Hunger Games – Books 2 and 3

I was extremely excited to get to the beach for Memorial Day weekend — and not just because of the joys of vacation and being out in the sun — I could not wait to read the final two books of the Hunger Games series. I have had them for a couple of weeks but was saving them for vacation and it was an excellent choice. The two books, Catching Fire and Mockingjay, were just as fascinating and incredibly creative as the first and I could not put them down.

The story picks up with the same beloved characters, the same love triangle, the same control of the Capitol. I really want to keep the plot details hidden because the fast-paced storyline is what makes this story so wonderful. However, I will say that I was incredibly impressed with Suzanne Collins’ ability to captivate the reader consistently and intensely throughout the duration of the two other volumes. She never lags in creativity or wastes a page on a dull moment. Every paragraph is intentional and leaves you on bated breath as you turn the page to see what will happen.

I will say, there is a lot of gore and violence in this series. I was surprised with all of the ways Collins develops to kill various characters in the book. I will be curious to see how this translates to film because the series is in production (and nearby in Asheville!) from what I hear. With that in mind, I would be hesitant to let too young of kids read this series. I even had a few inspired dreams that were frightening at times because this is a series you cannot get out of your head. It captivated my mind even when I wasn’t reading.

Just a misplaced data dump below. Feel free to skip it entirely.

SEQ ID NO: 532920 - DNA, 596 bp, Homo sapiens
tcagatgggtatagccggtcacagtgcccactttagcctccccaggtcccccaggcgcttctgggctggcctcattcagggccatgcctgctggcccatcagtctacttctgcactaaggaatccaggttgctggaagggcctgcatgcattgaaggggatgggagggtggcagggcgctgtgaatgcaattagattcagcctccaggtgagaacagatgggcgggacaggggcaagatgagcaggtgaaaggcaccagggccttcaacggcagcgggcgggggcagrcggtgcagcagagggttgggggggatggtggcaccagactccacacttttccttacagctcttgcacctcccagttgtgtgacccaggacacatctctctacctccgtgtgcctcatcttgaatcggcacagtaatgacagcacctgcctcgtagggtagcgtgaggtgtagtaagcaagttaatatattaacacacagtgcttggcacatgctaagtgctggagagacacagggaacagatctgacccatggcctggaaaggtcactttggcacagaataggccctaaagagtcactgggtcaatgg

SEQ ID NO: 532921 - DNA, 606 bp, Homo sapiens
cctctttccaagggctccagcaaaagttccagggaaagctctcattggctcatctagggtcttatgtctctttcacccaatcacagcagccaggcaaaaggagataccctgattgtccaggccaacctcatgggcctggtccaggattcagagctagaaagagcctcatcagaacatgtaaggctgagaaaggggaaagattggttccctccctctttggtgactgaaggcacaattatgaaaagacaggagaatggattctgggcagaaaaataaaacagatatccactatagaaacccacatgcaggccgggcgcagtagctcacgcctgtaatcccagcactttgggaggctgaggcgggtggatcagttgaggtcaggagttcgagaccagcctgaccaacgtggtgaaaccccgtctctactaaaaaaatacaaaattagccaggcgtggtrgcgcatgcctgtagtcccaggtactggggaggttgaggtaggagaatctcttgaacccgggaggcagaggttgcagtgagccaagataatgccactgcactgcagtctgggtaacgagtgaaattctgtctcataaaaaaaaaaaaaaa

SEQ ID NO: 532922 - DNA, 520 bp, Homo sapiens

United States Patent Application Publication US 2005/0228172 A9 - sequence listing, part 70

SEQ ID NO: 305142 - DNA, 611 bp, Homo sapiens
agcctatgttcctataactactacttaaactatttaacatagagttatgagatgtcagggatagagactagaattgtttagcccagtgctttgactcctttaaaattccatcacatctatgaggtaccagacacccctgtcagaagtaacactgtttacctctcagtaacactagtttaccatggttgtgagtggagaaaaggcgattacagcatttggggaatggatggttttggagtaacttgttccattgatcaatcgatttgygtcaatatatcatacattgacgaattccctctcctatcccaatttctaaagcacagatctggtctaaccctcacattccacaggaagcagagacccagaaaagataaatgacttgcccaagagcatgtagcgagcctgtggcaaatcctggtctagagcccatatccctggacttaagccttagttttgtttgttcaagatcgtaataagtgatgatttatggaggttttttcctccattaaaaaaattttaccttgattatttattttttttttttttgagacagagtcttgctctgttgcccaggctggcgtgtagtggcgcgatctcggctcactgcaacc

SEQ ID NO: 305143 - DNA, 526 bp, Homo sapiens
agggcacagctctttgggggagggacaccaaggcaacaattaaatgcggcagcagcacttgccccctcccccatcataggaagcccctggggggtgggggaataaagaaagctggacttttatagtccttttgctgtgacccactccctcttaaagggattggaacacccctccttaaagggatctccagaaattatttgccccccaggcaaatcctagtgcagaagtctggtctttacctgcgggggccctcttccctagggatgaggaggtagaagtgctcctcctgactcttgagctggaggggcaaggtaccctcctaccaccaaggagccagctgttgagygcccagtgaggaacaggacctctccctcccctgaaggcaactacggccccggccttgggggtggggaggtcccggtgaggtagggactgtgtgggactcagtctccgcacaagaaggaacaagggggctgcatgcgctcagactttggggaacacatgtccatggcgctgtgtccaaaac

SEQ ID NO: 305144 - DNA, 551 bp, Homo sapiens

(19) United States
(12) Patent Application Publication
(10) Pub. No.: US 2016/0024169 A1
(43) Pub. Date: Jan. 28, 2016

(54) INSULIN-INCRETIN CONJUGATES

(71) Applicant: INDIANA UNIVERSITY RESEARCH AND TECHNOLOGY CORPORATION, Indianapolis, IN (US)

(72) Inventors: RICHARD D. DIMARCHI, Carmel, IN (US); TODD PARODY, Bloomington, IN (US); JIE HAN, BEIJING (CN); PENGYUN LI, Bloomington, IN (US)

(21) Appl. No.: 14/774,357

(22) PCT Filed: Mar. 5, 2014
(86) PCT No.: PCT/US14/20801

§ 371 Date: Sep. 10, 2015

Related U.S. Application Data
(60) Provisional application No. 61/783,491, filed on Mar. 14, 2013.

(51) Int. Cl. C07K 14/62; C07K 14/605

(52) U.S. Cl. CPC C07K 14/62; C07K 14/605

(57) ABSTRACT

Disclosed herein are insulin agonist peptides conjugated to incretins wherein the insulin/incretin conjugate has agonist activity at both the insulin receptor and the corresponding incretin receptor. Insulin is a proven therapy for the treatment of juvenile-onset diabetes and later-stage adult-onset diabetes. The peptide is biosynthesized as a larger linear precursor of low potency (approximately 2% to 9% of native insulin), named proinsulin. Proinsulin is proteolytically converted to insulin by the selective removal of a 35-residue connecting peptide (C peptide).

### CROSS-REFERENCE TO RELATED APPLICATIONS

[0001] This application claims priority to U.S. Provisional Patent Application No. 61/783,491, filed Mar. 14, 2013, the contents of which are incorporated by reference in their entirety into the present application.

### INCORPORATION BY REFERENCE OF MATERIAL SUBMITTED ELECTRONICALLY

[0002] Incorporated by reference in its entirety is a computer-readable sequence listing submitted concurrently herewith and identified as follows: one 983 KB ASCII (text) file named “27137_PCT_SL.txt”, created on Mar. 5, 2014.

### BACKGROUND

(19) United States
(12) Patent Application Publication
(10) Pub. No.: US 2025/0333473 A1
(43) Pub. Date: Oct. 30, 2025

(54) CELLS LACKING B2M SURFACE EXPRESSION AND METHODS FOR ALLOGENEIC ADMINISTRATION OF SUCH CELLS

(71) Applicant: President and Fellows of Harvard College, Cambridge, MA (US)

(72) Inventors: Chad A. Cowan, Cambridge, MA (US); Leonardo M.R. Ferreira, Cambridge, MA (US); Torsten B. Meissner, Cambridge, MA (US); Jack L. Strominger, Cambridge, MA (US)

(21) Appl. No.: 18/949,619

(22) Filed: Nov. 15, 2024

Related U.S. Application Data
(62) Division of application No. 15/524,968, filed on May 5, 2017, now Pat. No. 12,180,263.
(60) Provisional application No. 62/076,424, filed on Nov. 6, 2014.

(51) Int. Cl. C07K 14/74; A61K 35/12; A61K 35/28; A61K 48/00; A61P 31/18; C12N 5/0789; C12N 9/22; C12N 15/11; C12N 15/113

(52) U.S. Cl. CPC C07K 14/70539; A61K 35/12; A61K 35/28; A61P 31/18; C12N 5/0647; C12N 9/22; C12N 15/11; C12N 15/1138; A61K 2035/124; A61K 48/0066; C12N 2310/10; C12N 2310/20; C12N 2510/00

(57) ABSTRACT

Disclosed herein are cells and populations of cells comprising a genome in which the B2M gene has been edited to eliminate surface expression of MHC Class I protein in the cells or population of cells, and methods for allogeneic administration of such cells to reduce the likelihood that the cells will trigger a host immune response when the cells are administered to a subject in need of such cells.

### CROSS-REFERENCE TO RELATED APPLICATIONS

Overall, this was an exhilarating series. It was similar to Harry Potter and Twilight as it captures an element of the supernatural because it is so futuristic, but it also takes a deeper look at human nature in ways that set it apart. It reminds me of a quote we had to memorize in school by Thomas Hobbes when we discussed the Leviathan and the social contract suggesting that man is by nature “solitary, poor, nasty, brutish, and short.” If I were to teach this series in a high school English class, I think I would use it to explain the Leviathan and other basic philosophies attempting to explain and understand humanity. I could go on and on with the symbolism and teachable moments of Hunger Games, but for now I will just recommend that you read it. It is definitely worth your time!

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